Friday, June 17, 2016

Limits on wolf hunting removed in large areas of Thompson region

However, decision on no-limit wolf hunting in Peace Region deferred 
By Liam Britten, CBC News  
Posted: Jun 16, 2016 
 
The B.C. government has removed some restrictions on wolf hunting in much of the Kootenays and the Thompson regions, but deferred a decision on removing limits on wolf hunting in the Peace Region.
The B.C. government has removed some restrictions on wolf hunting in much of the Kootenays and the Thompson regions, but deferred a decision on removing limits on wolf hunting in the Peace Region. (photo credit: sierraforce.com)
The B.C. government has removed seasonal limits on wolf hunting through much of the Thompson region in the newest provincial hunting and trapping regulations, opening the door for year-round hunting.

The regulations, released June 13, also increased bag limits — the number of wolves that can be killed by each hunter in a season — in the Kootenays to three animals.

The areas of the Thompson where open season lasts year-round already have no bag limits.

"Evidence from hunters, trappers, guides, the Conservation Officer Service and observations of wolves by regional biologists suggest wolf populations continue to increase in size and distribution in most areas of the region," the Ministry of Forests, Lands and Natural Resource Operations wrote to CBC Vancouver explaining the move.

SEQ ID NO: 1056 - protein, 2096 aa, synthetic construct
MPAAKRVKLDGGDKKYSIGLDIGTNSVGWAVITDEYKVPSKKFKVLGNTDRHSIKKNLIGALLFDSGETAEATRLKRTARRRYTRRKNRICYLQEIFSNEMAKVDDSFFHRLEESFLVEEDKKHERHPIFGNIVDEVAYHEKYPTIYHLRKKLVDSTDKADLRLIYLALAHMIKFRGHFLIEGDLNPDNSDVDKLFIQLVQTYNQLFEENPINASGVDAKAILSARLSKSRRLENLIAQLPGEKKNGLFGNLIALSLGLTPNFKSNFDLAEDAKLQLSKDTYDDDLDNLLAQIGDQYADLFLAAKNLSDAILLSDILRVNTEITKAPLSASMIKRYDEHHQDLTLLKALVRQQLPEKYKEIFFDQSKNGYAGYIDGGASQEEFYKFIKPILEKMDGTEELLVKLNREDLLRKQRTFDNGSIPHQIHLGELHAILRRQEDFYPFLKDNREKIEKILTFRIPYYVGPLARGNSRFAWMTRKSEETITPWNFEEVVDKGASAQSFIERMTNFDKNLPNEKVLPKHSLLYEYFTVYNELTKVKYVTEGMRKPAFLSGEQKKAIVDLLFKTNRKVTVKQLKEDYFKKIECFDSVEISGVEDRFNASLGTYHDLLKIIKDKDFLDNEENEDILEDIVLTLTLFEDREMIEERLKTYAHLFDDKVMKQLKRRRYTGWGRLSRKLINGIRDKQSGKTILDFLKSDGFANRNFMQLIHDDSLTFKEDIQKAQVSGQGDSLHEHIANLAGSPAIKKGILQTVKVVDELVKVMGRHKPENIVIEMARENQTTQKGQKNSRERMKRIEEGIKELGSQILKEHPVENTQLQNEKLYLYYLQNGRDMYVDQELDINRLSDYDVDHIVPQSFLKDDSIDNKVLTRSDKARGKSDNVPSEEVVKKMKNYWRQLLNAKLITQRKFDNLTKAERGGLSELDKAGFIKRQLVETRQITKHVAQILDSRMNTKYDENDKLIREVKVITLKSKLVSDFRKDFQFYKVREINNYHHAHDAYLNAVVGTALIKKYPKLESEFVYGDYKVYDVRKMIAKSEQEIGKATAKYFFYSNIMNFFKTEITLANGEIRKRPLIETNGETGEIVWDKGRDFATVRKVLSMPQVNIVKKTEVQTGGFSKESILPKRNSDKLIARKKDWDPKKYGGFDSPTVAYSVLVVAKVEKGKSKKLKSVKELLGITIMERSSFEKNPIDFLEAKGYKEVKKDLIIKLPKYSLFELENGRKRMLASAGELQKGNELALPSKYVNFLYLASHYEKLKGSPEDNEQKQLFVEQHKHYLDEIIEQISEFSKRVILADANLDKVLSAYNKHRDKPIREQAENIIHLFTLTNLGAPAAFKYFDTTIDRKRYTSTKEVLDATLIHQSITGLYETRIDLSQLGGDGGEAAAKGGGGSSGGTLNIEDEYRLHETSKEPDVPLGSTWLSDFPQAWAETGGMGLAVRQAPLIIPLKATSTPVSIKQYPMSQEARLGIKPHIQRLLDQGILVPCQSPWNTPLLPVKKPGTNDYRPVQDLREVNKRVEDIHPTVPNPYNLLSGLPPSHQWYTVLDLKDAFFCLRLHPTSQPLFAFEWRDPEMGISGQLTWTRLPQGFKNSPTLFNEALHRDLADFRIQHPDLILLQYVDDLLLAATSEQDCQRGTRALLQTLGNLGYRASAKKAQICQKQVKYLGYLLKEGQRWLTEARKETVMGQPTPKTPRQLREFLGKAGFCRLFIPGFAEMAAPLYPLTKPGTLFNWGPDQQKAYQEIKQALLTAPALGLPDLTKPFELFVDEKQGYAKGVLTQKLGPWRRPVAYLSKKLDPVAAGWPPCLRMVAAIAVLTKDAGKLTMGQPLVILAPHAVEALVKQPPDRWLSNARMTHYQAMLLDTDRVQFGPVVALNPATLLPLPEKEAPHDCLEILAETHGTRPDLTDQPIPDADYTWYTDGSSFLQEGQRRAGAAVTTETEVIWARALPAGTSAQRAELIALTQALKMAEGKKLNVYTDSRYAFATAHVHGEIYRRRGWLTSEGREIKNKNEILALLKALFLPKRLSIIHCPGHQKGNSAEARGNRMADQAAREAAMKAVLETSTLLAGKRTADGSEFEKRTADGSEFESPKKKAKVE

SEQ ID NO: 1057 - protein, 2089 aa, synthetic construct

However, critics were skeptical.

"This is typical wildlife management by the B.C. provincial government favouring hunters and cattle producers over other stakeholders, including wildlife," said Chris Darimont, a University of Victoria professor of geography and member of the Raincoast Conservation Foundation.

Darimont believes the looser rules around wolf hunting are aimed at pleasing cattle producers in B.C. concerned about losses to wolves.

Darimont says if that's the case, the new regulations will probably not help much and might instead simply create a population of younger wolves.

"And those are precisely, as we know, the wolves ... that find themselves in trouble with cattle producers," he said. "This might even have a perverse, unintended consequence on conflict with agriculture."

The Ministry said those fears were unfounded.

"Most wolves fail to reach the age of five years old as they are vulnerable to starvation, disease, injuries from attempted predation events and competition from other wolf packs," a statement read.

"However, wolves have biologically high reproductive output because they compensate for higher mortality."

While the province made changes in the Thompson and Kootenay regions it also delayed a decision on allowing unlimited wolf hunting in the Peace Region and won't triple the allowable numbers of grizzlies that can be killed in a remote portion of the Peace.

Both options were proposed, Nov. 30, 2015, on a government website that accepts public feedback on regulations and could have been implemented with the newest regulations.

The B.C. government has promoted killing wolves as a way to save endangered caribou herds, although critics have said the cull — which in 2015 was expected to last five years — ignores the true causes of the caribou decline: habitat destruction and human encroachment.

With files from Josh Pagé

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